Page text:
I’ve been getting into podcasts a lot this year. I listen to Stuff you Should Know pretty relentlessly – Josh and Chuck have really comforting voices to listen to and are very welcoming – they just pick a topic and tell you lots and lots about it. I love learning new stuff, and even when the topic sounds like something that isn’t going to grab me, I’m genuinely into it just minutes in. It’s also very eclectic – I’ve learned about sunscreen, restaurant hygiene and inspections, spy camp training in World War II, Amelia Earheart, how headhunters make shrunken heads, truth serums, handwriting analysis, and so much more.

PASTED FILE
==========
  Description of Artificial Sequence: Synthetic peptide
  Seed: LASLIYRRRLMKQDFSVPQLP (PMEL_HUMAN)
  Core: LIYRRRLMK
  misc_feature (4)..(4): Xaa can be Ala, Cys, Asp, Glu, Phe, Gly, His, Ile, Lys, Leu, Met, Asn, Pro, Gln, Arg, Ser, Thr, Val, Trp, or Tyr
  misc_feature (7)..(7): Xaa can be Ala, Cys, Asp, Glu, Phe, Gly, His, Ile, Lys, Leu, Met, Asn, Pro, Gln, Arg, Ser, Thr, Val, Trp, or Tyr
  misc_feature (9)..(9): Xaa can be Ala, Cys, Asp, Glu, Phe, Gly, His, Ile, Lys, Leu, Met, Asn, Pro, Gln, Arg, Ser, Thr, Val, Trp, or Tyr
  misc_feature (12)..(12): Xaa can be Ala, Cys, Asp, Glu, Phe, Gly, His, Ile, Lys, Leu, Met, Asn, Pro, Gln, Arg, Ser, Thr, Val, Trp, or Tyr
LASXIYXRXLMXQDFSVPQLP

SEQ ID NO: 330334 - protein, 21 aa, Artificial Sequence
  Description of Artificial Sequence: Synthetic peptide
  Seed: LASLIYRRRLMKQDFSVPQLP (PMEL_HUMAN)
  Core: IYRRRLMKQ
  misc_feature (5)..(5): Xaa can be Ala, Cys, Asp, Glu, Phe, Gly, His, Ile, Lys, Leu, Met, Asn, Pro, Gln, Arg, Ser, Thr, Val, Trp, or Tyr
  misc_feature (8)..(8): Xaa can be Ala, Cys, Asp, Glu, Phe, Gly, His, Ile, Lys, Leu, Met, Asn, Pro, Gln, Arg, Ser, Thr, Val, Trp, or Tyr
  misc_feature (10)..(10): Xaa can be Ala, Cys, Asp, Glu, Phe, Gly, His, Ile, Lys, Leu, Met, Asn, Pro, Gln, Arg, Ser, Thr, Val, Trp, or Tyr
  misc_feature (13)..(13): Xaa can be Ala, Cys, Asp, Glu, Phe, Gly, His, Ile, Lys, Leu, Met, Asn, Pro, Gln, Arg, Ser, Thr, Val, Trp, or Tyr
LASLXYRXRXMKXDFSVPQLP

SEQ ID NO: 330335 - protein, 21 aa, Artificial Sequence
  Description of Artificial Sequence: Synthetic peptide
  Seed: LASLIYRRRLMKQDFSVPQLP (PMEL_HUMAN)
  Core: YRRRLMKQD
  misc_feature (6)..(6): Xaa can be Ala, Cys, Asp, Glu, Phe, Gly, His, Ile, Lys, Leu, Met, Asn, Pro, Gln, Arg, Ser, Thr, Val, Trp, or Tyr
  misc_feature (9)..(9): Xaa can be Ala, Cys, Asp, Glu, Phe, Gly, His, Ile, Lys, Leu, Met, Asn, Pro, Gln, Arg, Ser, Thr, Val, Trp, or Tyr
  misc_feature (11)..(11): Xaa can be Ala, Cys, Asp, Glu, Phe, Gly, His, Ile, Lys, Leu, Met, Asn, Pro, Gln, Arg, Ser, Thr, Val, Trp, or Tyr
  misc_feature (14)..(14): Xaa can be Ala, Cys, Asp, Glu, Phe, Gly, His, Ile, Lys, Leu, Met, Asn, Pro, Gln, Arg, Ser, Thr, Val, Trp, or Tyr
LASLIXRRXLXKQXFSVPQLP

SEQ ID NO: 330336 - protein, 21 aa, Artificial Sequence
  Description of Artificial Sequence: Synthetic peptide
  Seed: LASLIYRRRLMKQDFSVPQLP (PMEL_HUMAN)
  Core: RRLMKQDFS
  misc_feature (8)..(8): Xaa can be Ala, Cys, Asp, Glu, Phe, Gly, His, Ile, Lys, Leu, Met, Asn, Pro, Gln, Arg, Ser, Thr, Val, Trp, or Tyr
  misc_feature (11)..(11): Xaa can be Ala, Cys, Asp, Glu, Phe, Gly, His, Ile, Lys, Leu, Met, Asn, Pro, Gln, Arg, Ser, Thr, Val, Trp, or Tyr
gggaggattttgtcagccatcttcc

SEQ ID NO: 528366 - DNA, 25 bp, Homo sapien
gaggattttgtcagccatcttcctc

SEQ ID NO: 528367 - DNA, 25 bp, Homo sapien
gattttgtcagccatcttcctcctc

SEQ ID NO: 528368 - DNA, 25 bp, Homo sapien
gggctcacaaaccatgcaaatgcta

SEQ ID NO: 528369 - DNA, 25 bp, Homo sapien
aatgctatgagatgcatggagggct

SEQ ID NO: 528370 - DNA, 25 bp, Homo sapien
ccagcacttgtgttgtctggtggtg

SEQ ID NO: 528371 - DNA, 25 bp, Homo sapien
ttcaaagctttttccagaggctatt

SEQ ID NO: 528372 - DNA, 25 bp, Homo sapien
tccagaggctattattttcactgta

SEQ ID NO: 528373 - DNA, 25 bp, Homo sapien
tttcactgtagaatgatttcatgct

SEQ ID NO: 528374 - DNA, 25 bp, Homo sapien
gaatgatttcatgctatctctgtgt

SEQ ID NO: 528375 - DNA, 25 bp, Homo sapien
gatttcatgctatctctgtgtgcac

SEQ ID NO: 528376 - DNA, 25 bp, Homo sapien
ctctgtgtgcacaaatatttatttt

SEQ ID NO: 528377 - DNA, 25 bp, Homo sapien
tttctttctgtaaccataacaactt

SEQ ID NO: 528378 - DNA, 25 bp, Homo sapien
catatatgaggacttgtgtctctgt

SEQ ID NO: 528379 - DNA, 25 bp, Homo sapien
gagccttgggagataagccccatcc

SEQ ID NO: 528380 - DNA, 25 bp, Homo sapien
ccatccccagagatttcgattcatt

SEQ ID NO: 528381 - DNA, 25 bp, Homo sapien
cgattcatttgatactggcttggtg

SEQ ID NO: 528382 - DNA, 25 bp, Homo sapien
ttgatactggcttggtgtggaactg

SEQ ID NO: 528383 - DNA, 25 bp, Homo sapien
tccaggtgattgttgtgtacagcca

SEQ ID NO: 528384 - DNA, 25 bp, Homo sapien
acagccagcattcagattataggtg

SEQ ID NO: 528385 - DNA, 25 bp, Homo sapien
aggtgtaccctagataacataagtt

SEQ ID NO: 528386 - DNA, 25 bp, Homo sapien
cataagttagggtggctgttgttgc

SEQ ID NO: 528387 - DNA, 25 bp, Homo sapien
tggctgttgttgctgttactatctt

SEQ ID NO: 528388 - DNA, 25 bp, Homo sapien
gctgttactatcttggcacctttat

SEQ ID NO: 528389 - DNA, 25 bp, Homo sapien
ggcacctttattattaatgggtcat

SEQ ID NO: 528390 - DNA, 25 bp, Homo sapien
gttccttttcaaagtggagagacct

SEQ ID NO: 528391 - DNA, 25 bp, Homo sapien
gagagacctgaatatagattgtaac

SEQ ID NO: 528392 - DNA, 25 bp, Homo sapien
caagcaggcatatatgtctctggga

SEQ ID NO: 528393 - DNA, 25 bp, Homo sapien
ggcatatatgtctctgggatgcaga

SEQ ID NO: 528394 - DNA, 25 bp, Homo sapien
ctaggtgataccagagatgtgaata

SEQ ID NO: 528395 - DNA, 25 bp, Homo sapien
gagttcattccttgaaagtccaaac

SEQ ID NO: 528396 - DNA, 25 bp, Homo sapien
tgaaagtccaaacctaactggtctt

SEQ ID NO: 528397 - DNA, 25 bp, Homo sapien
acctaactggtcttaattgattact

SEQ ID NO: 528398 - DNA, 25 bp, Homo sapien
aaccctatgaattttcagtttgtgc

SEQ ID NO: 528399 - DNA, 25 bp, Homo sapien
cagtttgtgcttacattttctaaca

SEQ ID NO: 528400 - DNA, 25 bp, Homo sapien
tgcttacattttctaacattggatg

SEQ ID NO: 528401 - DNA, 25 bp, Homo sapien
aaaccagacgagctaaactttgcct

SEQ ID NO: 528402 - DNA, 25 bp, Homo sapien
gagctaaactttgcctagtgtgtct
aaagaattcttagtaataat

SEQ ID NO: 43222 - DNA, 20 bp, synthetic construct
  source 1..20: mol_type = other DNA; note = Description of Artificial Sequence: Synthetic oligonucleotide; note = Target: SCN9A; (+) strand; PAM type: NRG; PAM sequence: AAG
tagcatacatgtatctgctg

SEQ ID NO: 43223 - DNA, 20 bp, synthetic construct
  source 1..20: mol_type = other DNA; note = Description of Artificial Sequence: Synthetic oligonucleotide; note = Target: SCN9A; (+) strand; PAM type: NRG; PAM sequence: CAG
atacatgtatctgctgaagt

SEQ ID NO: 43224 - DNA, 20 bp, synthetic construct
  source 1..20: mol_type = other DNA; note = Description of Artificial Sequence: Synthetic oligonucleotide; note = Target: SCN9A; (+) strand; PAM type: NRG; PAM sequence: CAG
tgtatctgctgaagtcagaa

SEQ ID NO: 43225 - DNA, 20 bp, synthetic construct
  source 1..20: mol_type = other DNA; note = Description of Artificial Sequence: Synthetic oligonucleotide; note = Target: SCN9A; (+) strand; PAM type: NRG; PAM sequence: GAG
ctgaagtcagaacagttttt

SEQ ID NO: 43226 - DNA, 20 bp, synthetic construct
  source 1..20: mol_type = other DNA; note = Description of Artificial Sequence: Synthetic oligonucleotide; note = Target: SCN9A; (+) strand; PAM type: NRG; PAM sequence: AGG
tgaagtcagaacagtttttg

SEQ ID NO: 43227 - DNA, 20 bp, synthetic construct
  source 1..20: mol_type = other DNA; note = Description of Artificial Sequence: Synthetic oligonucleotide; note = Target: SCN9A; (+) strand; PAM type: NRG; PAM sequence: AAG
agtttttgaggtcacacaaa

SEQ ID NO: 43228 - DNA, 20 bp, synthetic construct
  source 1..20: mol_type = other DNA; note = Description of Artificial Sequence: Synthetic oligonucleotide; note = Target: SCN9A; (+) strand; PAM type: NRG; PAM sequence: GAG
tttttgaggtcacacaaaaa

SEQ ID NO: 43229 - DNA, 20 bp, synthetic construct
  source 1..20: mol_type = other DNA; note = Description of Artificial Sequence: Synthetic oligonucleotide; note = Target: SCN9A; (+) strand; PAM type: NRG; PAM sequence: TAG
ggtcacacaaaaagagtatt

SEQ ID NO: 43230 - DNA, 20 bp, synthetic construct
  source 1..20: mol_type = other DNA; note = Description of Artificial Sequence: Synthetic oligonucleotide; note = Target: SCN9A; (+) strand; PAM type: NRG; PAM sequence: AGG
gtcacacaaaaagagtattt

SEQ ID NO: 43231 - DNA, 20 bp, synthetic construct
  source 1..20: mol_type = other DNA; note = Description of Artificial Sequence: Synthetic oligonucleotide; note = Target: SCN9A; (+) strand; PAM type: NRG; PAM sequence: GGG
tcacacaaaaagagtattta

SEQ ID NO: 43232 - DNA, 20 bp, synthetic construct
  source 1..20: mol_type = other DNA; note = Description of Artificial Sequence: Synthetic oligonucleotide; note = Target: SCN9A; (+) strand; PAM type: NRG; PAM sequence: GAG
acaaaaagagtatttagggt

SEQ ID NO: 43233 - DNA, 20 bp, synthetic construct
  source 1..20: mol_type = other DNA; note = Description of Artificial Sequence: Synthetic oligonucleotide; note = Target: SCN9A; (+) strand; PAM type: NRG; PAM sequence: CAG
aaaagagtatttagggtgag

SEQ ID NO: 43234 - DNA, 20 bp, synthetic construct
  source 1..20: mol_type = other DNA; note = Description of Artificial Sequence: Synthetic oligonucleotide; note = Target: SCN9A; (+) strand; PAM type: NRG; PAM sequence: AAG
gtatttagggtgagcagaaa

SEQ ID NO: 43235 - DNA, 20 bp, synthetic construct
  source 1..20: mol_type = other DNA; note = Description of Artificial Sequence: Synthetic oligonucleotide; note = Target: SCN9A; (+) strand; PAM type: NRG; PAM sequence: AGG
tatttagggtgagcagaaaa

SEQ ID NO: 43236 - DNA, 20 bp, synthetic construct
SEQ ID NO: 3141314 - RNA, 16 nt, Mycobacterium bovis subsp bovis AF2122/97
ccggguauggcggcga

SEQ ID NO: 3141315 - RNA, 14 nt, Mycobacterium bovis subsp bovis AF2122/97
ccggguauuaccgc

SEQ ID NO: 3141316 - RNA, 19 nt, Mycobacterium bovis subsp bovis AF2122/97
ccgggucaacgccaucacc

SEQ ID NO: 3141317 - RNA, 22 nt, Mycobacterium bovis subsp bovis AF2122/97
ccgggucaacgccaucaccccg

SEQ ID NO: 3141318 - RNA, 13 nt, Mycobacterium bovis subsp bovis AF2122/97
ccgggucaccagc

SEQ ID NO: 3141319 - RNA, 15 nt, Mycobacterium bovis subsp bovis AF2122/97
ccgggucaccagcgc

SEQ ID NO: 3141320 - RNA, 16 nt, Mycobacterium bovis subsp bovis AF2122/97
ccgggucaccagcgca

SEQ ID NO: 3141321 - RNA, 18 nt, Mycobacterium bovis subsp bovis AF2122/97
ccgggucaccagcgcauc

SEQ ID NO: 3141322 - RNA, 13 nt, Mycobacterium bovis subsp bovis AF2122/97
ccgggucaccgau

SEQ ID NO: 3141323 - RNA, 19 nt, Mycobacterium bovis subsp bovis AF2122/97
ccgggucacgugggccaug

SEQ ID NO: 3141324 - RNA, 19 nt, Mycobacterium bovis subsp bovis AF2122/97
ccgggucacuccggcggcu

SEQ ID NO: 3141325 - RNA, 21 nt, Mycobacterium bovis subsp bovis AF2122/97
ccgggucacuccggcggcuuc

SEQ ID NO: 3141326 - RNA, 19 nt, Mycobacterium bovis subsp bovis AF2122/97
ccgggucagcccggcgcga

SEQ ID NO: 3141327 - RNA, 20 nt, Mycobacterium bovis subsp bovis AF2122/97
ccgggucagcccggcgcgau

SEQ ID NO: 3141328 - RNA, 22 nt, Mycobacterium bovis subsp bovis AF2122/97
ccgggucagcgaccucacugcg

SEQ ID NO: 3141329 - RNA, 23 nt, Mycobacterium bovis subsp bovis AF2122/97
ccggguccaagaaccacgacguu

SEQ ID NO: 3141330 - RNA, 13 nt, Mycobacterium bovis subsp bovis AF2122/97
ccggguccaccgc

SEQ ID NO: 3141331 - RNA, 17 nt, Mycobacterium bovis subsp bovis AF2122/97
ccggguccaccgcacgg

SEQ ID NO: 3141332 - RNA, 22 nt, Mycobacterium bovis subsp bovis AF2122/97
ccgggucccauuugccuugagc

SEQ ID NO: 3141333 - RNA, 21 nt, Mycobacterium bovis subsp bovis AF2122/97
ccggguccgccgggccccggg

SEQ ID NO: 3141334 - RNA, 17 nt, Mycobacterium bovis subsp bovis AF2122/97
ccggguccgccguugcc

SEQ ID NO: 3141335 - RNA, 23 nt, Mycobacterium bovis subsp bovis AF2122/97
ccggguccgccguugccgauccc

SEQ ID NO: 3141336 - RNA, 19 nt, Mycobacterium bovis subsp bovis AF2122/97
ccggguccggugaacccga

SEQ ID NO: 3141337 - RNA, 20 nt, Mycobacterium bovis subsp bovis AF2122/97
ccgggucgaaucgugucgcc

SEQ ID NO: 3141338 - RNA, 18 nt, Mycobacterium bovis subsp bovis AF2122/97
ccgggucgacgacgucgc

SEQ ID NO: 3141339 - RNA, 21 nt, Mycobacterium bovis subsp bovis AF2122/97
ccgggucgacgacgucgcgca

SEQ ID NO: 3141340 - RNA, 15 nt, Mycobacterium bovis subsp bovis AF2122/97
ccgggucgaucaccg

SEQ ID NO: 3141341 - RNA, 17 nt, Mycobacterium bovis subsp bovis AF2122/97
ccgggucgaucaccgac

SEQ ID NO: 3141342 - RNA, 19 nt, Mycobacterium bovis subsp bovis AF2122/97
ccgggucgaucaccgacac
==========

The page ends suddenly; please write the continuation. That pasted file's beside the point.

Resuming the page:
I’m currently jonesing for more My Dad Wrote a Porno, because I’ve finished series 3 and there isn’t new content until Christmas. If you don’t know it, the premise is simple. James’ dad, who is in his late 60s, has written and self-published a series of erotic novels, under the magnificent psuedonym Rocky Flintstone. They tell the story of Belinda Blumenthal, who works in the pots and pans industry, which turns out to be a hotbed of sexual shenanigans and bizarre business deals. James reads a chapter of the book aloud each week, interrupted by his two friends Alice and Jamie, who interject every time the text says something baffling, ridiculous, appalling or just downright impossible – which is every other sentence.  Rocky is either the worst writer in existence, or some form of unusual genius, and you often change your mind as to which mid-sentence.  The book is filth, and you will obsessively check that your headphones haven’t come out whilst you’re listening to it, but it is not and has never been and will never be, erotic.  It is, however, screamingly funny.  People often talk about things being laugh out loud funny, but Dad Wrote a Porno has made me regularly laugh until I cried, and I have to quite often pause because I’m laughing too much to go on. The characters are all utterly deranged. It’s ace.